Witherow & Turner
Open Season - An Anglers Life in New Zealand
Random House 2014
When this book arrived, on the SwampThing desk for review, the Editor exclaimed “Fly fishing!?” But then I saw that the author was Dave Witherow - Brian Turner's best cobber. Brian describes Dave's writing as “funny, insouciant, wacky, ascerbic, lyrical, political.”
With those literary skills he could write a book about anything. Witherow has chosen his passions: life, philosophy and fly fishing. It is so readable I consumed it in a weekend away, often laughing out loud in public places. It was guilt-free reading about guilt-free recreation.
Open Season is an excellent field guide to Turner's Into the Wider World - A Back Country Miscellany (Random House 2008). More a philosophy on life, blended with daring-do and some anglers' specifics, than a fishing how-to. I've absorbed some knowledge and lots of respect for fly fishing although Witherow never patronised me by lecturing.
His hilarious retelling of his and *Turner's near disastrous trip up the Thomas River is the highlight for me:
“He [Turner] knew very well that the rain would stop sooner or later, that nothing was permanent, even on the Coast. That the skies would turn blue and the rivers return to their tractable beds...Until then it was the simple ritual of survival: hunker down, stay warm, stay alive.” p.47 Open season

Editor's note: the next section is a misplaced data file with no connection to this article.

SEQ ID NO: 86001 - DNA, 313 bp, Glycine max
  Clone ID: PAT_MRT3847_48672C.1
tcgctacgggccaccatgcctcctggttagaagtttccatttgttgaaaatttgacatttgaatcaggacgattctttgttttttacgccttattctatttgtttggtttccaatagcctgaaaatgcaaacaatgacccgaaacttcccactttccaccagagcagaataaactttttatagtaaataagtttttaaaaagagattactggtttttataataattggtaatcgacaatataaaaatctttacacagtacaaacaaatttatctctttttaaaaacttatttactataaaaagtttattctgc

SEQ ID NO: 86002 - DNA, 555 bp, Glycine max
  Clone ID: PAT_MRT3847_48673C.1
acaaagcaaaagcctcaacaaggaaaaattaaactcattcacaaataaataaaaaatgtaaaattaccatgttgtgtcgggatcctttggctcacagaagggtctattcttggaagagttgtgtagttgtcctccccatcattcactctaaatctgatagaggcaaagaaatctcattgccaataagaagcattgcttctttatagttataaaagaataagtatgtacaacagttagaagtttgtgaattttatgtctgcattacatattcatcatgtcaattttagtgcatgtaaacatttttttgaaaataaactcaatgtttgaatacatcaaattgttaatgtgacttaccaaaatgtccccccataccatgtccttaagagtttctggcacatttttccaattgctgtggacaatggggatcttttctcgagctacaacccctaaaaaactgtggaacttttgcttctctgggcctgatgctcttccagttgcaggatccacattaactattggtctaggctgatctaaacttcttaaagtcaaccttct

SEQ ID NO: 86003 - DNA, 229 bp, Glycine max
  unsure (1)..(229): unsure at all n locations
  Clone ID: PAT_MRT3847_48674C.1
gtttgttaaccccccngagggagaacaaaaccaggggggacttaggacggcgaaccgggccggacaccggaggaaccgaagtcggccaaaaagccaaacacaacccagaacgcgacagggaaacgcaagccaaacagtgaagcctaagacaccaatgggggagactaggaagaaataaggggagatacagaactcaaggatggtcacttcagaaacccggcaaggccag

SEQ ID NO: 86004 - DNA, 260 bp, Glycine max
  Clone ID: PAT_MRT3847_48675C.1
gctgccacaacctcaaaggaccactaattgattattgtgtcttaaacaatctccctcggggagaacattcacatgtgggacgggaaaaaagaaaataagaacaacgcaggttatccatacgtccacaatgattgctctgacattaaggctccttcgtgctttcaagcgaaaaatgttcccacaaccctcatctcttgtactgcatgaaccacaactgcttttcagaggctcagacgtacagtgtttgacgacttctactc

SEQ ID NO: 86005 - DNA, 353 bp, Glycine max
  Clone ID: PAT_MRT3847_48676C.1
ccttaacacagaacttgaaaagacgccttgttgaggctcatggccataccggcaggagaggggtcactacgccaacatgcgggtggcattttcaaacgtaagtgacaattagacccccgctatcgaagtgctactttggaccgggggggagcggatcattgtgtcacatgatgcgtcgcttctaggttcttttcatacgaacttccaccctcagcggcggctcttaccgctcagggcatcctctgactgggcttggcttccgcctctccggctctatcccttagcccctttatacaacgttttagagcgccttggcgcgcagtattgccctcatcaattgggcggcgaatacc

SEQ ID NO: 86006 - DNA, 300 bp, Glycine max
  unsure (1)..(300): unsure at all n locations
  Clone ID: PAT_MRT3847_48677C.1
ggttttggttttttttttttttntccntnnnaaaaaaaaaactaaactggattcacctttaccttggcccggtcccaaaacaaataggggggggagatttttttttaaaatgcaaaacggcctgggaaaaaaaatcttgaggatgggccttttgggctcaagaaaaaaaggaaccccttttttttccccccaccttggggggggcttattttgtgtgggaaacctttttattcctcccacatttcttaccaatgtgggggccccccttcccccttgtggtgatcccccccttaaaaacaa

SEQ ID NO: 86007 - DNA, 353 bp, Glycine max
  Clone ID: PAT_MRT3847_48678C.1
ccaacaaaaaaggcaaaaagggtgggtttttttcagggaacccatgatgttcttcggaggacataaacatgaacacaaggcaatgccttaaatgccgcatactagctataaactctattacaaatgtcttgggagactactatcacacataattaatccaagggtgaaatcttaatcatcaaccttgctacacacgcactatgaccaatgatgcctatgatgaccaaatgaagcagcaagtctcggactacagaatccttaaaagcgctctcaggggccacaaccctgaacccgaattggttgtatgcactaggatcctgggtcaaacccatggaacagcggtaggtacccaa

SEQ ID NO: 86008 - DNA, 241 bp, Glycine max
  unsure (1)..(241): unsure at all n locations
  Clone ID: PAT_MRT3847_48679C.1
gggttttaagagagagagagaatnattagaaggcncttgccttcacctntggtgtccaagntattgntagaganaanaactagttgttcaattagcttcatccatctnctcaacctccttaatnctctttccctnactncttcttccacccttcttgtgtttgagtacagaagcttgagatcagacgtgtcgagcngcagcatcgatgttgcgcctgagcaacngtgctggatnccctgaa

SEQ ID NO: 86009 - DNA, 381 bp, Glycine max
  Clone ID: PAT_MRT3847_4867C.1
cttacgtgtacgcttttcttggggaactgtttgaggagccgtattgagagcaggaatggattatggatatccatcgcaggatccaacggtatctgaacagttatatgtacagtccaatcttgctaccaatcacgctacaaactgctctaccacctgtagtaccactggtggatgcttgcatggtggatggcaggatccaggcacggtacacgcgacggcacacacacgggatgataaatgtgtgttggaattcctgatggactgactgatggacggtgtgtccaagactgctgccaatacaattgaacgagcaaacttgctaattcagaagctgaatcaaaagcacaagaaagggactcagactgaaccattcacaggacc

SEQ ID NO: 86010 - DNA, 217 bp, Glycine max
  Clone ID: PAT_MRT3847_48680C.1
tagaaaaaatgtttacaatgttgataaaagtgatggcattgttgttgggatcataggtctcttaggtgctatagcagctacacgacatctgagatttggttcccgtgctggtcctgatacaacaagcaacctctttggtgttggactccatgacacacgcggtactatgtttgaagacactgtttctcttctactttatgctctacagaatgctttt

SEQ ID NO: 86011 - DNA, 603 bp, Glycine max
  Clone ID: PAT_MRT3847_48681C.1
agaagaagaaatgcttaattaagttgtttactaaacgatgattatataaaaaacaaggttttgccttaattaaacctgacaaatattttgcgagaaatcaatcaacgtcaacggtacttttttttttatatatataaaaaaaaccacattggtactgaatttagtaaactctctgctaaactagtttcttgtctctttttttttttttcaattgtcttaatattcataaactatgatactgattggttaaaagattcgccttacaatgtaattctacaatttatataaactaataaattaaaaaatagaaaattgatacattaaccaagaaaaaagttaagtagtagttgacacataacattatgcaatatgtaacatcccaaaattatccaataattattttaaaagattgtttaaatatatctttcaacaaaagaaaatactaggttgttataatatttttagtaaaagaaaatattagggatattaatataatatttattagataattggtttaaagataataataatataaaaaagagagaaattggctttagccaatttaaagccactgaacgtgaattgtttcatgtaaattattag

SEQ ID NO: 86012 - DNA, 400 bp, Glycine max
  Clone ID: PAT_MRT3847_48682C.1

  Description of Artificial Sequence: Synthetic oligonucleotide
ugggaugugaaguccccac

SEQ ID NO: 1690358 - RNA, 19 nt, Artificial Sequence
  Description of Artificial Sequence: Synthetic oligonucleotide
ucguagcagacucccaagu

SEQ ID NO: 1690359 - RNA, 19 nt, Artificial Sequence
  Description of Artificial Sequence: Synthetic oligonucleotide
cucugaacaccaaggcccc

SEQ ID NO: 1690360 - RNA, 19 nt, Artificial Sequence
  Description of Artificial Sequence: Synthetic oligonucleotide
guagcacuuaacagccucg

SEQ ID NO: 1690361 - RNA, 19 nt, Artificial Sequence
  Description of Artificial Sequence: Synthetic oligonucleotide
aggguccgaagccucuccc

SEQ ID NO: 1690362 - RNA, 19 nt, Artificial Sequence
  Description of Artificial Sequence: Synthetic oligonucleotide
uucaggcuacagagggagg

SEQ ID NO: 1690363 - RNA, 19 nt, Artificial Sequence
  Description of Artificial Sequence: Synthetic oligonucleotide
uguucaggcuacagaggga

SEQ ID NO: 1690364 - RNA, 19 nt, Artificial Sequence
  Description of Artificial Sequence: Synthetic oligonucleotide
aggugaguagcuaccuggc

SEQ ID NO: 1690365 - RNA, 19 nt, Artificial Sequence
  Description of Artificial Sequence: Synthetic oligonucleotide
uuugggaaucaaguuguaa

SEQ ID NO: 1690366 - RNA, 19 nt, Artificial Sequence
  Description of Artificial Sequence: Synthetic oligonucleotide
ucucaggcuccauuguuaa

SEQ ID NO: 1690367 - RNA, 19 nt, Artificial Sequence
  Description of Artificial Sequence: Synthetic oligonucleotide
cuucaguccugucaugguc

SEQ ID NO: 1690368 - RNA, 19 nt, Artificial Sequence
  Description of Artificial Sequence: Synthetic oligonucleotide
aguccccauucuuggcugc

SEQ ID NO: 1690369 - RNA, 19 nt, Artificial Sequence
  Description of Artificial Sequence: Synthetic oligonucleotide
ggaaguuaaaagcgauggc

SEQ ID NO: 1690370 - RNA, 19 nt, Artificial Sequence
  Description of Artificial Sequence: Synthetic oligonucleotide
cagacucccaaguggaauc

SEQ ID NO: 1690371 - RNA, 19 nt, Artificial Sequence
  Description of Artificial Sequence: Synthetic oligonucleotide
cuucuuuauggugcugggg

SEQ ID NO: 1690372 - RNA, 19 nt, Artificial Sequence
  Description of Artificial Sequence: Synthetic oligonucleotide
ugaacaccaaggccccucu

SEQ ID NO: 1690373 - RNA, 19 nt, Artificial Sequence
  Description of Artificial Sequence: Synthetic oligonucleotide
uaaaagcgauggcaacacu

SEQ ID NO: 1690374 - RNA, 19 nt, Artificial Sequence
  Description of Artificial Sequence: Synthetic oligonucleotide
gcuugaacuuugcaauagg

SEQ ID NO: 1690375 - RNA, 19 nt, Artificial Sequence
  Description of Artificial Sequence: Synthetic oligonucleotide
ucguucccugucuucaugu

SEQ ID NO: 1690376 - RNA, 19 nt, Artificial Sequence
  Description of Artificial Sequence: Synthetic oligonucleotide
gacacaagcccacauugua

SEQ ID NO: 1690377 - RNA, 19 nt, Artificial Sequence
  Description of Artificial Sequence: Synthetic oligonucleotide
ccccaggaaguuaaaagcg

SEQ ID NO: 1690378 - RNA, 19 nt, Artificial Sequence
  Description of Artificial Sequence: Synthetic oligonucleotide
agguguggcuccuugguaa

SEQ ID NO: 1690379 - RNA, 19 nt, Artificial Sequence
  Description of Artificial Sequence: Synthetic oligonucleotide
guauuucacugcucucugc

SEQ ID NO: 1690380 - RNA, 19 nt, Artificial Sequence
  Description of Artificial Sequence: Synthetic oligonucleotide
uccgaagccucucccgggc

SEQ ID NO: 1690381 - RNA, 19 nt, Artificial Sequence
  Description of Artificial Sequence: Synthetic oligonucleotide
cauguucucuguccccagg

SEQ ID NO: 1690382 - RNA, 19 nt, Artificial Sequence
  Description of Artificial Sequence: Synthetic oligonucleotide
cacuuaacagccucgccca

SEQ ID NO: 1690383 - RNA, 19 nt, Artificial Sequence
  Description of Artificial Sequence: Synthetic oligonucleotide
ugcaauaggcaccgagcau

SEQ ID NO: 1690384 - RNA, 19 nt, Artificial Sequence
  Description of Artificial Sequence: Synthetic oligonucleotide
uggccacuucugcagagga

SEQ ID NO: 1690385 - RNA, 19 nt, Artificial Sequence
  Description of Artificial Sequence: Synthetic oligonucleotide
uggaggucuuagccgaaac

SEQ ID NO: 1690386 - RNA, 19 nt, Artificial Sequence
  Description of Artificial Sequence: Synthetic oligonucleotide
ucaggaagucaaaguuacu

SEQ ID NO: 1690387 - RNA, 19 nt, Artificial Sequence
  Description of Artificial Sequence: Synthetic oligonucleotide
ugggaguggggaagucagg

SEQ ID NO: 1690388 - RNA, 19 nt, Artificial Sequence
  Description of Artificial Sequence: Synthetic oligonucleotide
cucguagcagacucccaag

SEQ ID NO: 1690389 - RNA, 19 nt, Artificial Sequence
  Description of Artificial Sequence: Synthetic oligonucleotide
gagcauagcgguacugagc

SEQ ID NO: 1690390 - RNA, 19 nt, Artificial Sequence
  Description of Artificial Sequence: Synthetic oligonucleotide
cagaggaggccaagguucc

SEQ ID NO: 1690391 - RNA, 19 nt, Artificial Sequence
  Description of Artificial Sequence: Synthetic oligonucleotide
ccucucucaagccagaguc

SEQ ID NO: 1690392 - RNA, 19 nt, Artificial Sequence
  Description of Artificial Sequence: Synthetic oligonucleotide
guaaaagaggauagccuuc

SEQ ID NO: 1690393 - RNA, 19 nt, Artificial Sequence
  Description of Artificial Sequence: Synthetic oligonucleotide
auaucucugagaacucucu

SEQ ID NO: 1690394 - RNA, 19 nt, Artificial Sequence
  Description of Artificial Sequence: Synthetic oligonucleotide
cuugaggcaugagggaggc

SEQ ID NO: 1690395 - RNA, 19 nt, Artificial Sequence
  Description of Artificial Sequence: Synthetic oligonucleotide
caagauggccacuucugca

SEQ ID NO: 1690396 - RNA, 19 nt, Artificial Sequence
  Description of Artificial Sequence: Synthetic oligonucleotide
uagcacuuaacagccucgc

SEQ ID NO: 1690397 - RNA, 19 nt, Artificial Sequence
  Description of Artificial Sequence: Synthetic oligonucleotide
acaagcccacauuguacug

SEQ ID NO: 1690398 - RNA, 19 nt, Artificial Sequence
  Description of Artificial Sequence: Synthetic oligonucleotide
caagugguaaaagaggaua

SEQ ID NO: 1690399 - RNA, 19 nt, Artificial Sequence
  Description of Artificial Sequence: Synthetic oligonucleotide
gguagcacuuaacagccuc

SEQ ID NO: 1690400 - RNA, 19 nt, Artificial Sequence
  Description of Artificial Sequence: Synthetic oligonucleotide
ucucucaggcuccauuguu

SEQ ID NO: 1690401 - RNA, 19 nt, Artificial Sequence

“How little we need to defy the elements. Tea and whisky in a tin mug: friendship and disputations.” p.39
That's a way to weather life.
My own fishing experience is limited to a childhood in Otematata. As a kid I used worms for bait (philistine!), lures and a spinning rod (quelle horreur!). At seven with my own rod and license I thought I was the bee's knees, as did Witherow's nephew Angus. After reading Open Season I long for days up the Ahuriri waiting for the duns to rise. While we are walking from Tekapo to Twizel I will think of Brian and Dave and maybe spot them heading for the Dingle Burn. I hope our through-hike does not disturb their idyll.
* Turner tells his version of the same trip in Into the Wider World.
Into the Wider World.
Turner's book is not like Witherow's. It's a much longer read that one can dip into it again and again. Like driving across a landscape with the weather changing the view each trip. I still feel I have not encompassed it all but have along the way collected some of my favourite quotes. Reading this book was one of my first in preparation for the long walk. I dreamt of the wide dry landscapes of Otago and Canterbury. I wrote Mr Turner a letter. He has not replied. Never mind. I still carry some of the quotes with me. And having read Witherow's account of the Thomas as well, I feel I know the value of friendship and untouched terrain.
As I said in my letter “Please pass on my regards to your friend Dave Witherow. His Open Season was the perfect dessert to your main. Especially the retelling of the tale of the Thomas.”